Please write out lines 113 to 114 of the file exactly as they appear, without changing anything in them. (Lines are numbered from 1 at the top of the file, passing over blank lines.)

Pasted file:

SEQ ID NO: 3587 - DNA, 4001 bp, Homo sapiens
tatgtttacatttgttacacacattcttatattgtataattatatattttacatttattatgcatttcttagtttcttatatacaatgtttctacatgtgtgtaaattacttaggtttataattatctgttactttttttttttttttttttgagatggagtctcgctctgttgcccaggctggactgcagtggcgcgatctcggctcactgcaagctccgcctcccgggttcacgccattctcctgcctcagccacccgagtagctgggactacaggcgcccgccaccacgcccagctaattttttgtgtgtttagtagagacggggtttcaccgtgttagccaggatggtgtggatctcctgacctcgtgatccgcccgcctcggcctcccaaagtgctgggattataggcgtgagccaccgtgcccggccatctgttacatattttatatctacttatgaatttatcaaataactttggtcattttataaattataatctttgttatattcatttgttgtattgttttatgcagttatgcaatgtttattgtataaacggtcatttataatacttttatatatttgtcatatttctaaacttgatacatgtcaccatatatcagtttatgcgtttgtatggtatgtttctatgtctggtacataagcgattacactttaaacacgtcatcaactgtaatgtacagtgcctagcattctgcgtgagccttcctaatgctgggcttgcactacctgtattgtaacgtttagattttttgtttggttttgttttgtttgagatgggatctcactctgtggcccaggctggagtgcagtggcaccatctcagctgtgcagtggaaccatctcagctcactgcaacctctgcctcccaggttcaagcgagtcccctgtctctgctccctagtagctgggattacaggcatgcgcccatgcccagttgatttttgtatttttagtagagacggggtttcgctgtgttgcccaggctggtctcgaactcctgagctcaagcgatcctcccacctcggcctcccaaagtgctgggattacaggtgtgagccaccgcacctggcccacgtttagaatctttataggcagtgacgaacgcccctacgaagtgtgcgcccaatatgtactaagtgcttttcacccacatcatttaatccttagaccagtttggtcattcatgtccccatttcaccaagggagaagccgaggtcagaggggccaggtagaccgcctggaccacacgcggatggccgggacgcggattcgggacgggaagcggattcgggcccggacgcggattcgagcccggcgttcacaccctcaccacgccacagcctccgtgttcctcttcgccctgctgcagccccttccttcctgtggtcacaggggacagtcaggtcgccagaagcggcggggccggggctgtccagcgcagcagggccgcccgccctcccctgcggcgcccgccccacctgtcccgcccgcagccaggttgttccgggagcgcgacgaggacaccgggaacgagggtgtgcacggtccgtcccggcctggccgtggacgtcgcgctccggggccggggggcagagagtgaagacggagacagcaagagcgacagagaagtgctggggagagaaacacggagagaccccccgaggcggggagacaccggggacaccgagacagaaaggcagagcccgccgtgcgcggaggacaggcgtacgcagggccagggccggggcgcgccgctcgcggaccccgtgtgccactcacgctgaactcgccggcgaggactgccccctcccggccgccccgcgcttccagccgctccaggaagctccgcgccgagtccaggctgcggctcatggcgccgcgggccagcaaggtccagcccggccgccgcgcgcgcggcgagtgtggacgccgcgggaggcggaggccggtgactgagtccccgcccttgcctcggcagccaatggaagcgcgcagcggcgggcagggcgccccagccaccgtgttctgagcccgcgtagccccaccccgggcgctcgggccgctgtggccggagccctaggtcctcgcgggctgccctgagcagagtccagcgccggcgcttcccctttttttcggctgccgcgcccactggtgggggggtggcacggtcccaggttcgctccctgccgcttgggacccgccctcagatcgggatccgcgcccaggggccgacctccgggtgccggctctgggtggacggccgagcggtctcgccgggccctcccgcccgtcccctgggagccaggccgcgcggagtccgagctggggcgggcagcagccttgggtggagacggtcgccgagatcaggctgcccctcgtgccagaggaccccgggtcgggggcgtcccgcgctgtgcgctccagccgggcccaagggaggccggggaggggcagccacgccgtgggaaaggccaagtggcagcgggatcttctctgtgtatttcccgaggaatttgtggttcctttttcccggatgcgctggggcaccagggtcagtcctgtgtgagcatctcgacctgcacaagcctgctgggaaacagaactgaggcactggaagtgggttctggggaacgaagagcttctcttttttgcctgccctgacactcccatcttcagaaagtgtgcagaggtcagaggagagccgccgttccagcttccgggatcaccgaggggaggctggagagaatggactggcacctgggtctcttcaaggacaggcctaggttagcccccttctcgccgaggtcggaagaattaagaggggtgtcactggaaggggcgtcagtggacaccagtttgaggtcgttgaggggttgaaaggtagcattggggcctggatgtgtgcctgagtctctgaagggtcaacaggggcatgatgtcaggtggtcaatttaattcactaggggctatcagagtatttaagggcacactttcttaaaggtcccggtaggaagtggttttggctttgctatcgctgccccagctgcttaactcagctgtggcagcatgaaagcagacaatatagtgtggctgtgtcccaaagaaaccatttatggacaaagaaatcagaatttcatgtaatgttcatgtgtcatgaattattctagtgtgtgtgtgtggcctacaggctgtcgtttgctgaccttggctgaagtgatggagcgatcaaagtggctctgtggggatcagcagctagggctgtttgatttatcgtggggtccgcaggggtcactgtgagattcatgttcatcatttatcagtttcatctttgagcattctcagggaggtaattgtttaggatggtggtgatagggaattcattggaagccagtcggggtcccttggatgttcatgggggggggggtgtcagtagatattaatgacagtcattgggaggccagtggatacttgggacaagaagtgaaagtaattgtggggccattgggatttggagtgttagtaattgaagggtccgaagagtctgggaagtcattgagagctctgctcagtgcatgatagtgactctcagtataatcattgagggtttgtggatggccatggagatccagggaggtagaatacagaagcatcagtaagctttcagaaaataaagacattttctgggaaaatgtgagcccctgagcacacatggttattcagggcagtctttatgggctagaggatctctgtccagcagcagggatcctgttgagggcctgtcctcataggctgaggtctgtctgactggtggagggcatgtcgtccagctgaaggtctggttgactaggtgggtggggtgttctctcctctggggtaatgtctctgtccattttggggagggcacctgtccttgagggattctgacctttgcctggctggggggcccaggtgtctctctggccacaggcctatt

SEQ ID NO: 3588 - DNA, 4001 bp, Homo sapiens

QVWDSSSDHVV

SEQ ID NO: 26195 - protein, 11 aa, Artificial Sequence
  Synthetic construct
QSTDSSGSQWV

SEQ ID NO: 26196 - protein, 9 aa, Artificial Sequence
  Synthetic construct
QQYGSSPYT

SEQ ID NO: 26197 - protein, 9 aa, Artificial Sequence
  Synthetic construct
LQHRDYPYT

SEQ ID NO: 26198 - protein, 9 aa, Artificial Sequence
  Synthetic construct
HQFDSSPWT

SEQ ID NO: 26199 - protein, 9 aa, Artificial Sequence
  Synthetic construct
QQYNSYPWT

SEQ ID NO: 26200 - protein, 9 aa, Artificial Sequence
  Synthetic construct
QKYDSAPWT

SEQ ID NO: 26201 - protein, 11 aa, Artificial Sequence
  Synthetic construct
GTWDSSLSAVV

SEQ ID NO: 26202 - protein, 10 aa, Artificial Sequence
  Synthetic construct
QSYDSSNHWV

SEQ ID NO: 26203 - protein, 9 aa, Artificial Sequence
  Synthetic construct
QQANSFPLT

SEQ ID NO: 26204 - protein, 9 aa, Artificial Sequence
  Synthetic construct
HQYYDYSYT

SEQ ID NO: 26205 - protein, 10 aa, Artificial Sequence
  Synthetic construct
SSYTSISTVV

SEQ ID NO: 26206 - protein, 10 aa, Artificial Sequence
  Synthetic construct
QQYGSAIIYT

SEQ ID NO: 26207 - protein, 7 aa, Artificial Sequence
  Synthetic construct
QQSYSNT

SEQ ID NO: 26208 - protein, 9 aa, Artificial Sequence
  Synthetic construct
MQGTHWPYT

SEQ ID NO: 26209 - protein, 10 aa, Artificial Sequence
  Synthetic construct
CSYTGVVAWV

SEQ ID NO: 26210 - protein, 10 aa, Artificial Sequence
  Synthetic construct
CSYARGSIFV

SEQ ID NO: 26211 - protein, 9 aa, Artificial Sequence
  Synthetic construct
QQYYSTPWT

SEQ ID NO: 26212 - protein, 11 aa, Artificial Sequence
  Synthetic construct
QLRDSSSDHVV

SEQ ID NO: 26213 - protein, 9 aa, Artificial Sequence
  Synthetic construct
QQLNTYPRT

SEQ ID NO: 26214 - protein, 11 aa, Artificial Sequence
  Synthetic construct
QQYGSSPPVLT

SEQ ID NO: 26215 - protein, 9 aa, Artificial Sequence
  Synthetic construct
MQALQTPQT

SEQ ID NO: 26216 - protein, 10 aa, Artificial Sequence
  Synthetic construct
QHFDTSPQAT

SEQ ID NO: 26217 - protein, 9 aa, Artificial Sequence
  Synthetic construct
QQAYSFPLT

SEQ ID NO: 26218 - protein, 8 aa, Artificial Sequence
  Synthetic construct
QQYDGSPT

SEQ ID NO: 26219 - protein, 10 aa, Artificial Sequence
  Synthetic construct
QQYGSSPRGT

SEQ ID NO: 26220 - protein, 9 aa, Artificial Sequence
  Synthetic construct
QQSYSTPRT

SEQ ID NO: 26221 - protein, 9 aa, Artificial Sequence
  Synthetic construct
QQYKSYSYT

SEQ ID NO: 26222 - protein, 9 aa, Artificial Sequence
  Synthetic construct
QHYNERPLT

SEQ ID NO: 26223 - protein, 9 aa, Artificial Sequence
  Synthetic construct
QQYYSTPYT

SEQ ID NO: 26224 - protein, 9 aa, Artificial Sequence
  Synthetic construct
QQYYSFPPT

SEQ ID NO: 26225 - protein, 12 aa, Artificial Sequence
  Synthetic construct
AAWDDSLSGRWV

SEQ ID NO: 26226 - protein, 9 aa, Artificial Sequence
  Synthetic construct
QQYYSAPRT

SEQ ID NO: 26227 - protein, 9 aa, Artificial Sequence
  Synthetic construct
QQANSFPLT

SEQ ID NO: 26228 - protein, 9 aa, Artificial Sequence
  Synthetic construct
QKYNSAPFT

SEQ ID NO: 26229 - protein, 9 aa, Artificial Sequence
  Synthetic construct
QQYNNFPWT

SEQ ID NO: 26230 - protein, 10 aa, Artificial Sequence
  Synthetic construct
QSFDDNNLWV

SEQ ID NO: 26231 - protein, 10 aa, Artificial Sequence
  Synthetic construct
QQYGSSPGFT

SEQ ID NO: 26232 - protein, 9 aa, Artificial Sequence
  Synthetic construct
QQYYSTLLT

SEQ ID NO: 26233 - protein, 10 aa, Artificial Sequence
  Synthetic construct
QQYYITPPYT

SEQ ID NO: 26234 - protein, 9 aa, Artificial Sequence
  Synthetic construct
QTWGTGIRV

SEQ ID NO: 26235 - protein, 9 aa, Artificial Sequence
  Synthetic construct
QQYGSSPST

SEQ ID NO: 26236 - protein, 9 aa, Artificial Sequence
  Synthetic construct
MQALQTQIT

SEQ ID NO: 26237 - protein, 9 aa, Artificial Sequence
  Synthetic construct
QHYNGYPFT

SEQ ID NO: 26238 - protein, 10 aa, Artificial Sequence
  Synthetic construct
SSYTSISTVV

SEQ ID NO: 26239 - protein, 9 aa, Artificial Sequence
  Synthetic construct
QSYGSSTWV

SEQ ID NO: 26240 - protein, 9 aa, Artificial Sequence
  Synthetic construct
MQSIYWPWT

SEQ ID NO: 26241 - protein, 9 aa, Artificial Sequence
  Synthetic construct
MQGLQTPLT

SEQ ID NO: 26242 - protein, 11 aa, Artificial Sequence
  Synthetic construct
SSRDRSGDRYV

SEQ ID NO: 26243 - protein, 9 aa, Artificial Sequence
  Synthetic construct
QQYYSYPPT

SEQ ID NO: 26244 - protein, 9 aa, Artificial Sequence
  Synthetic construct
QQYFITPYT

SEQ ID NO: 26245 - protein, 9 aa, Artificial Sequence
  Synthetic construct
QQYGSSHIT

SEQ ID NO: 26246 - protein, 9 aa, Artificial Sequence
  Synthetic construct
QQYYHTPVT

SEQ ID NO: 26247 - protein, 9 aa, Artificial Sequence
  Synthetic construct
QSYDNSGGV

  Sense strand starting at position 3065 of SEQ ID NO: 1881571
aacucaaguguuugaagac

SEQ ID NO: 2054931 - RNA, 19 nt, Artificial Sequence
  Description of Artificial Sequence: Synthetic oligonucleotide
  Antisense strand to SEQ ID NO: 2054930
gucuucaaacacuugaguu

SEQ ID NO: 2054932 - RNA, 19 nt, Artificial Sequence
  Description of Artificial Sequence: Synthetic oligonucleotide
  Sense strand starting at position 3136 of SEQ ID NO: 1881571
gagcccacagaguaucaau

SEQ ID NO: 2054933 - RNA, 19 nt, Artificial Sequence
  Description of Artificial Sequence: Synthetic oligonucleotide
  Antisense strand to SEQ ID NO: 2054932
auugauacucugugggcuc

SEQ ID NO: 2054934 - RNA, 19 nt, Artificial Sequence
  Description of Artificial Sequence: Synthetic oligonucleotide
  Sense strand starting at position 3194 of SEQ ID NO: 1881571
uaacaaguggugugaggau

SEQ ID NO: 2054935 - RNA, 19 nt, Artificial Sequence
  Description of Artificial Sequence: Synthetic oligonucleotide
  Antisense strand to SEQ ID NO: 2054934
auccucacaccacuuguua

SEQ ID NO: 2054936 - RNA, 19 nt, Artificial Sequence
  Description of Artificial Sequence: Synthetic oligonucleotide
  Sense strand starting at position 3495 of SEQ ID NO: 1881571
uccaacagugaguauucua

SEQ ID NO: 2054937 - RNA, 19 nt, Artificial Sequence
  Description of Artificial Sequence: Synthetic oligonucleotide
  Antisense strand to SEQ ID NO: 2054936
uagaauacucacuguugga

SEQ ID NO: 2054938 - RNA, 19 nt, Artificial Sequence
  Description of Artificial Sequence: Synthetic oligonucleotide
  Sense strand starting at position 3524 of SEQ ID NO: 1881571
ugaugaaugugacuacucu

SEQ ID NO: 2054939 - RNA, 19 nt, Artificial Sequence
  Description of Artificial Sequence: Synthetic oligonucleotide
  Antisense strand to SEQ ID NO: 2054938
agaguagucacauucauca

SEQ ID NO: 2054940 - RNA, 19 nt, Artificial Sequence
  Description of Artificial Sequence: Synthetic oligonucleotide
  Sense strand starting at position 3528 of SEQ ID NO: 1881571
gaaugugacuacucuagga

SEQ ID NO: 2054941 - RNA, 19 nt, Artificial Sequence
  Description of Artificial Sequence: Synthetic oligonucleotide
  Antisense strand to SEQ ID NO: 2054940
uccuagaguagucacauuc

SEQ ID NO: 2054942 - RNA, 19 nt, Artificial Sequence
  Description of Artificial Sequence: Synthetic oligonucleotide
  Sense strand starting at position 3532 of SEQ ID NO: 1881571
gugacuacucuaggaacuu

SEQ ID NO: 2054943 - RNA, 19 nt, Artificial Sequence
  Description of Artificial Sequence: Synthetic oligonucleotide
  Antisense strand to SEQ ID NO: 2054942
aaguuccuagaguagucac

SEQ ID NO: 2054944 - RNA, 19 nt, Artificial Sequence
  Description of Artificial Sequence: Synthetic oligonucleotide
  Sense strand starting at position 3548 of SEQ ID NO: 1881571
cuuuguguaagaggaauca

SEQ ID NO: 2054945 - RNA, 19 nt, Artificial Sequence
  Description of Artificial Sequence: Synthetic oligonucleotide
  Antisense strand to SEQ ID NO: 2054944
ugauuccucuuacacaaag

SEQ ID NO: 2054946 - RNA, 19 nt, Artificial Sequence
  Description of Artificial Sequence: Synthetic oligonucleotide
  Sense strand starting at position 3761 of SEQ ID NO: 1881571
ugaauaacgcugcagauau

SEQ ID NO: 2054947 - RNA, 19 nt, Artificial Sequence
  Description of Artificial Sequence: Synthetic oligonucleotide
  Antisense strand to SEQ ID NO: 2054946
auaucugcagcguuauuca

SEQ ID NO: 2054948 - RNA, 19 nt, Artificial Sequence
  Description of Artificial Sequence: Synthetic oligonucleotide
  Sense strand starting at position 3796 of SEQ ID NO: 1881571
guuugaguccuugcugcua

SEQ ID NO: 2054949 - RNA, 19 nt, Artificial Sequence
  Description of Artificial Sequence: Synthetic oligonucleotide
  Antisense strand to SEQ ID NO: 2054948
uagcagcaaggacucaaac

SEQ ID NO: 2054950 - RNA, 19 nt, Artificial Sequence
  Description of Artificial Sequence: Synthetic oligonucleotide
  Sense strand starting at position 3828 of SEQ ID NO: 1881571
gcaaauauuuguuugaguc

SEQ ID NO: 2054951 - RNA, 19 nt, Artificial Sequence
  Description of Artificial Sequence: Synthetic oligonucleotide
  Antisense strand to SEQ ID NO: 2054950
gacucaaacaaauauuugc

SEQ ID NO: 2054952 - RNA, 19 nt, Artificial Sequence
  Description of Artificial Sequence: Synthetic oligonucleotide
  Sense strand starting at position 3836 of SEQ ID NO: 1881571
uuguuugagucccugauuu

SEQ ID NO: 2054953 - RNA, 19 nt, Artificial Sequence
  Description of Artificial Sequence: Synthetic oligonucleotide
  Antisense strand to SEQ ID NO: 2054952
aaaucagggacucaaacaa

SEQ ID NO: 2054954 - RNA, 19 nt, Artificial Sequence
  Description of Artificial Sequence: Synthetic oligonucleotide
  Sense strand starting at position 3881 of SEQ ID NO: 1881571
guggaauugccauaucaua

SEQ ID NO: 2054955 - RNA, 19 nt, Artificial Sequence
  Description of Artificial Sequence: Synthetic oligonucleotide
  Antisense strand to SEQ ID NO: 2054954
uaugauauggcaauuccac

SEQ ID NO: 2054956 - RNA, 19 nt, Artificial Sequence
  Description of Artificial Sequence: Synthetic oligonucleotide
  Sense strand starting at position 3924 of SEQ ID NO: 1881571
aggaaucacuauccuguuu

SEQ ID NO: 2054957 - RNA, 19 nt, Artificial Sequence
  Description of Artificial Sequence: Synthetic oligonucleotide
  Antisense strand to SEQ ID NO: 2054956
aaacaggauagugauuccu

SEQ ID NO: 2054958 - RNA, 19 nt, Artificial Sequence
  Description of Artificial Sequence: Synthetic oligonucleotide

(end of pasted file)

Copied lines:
SEQ ID NO: 26231 - protein, 10 aa, Artificial Sequence
  Synthetic construct